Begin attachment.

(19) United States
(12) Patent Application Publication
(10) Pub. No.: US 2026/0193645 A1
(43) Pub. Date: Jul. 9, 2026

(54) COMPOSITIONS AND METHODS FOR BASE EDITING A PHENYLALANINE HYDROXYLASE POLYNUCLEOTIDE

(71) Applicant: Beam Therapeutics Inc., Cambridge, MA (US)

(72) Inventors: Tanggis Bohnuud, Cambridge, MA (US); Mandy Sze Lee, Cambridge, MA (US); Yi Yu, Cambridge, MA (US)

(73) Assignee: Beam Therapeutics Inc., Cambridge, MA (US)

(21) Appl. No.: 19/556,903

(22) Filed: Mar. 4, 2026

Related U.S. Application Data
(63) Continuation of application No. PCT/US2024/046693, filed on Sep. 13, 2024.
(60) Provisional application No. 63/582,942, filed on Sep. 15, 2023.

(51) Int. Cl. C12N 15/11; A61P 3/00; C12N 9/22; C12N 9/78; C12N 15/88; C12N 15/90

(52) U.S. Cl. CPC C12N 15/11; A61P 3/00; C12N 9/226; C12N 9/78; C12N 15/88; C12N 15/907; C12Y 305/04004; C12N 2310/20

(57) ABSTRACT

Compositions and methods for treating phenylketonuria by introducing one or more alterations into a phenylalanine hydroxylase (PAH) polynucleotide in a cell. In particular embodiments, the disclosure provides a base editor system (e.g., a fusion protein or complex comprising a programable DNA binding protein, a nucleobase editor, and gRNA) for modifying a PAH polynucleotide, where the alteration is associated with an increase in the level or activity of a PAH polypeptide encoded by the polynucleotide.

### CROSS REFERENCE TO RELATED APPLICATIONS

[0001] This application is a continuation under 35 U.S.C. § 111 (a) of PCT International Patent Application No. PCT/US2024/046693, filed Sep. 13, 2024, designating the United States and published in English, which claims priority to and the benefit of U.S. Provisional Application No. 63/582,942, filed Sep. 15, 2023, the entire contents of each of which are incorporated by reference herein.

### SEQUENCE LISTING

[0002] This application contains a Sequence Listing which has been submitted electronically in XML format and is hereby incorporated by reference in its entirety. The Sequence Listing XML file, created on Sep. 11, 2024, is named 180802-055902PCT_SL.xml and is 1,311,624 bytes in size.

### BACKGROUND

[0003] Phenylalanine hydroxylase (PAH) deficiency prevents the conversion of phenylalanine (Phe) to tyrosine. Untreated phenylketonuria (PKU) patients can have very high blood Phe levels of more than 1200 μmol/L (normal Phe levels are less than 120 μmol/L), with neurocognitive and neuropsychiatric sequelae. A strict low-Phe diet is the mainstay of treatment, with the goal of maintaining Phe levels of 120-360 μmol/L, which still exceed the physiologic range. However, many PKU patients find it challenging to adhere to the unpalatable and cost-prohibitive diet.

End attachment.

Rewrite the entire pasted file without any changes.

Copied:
(19) United States
(12) Patent Application Publication
(10) Pub. No.: US 2026/0193645 A1
(43) Pub. Date: Jul. 9, 2026

(54) COMPOSITIONS AND METHODS FOR BASE EDITING A PHENYLALANINE HYDROXYLASE POLYNUCLEOTIDE

(71) Applicant: Beam Therapeutics Inc., Cambridge, MA (US)

(72) Inventors: Tanggis Bohnuud, Cambridge, MA (US); Mandy Sze Lee, Cambridge, MA (US); Yi Yu, Cambridge, MA (US)

(73) Assignee: Beam Therapeutics Inc., Cambridge, MA (US)

(21) Appl. No.: 19/556,903

(22) Filed: Mar. 4, 2026

Related U.S. Application Data
(63) Continuation of application No. PCT/US2024/046693, filed on Sep. 13, 2024.
(60) Provisional application No. 63/582,942, filed on Sep. 15, 2023.

(51) Int. Cl. C12N 15/11; A61P 3/00; C12N 9/22; C12N 9/78; C12N 15/88; C12N 15/90

(52) U.S. Cl. CPC C12N 15/11; A61P 3/00; C12N 9/226; C12N 9/78; C12N 15/88; C12N 15/907; C12Y 305/04004; C12N 2310/20

(57) ABSTRACT

Compositions and methods for treating phenylketonuria by introducing one or more alterations into a phenylalanine hydroxylase (PAH) polynucleotide in a cell. In particular embodiments, the disclosure provides a base editor system (e.g., a fusion protein or complex comprising a programable DNA binding protein, a nucleobase editor, and gRNA) for modifying a PAH polynucleotide, where the alteration is associated with an increase in the level or activity of a PAH polypeptide encoded by the polynucleotide.

### CROSS REFERENCE TO RELATED APPLICATIONS

[0001] This application is a continuation under 35 U.S.C. § 111 (a) of PCT International Patent Application No. PCT/US2024/046693, filed Sep. 13, 2024, designating the United States and published in English, which claims priority to and the benefit of U.S. Provisional Application No. 63/582,942, filed Sep. 15, 2023, the entire contents of each of which are incorporated by reference herein.

### SEQUENCE LISTING

[0002] This application contains a Sequence Listing which has been submitted electronically in XML format and is hereby incorporated by reference in its entirety. The Sequence Listing XML file, created on Sep. 11, 2024, is named 180802-055902PCT_SL.xml and is 1,311,624 bytes in size.

### BACKGROUND

[0003] Phenylalanine hydroxylase (PAH) deficiency prevents the conversion of phenylalanine (Phe) to tyrosine. Untreated phenylketonuria (PKU) patients can have very high blood Phe levels of more than 1200 μmol/L (normal Phe levels are less than 120 μmol/L), with neurocognitive and neuropsychiatric sequelae. A strict low-Phe diet is the mainstay of treatment, with the goal of maintaining Phe levels of 120-360 μmol/L, which still exceed the physiologic range. However, many PKU patients find it challenging to adhere to the unpalatable and cost-prohibitive diet.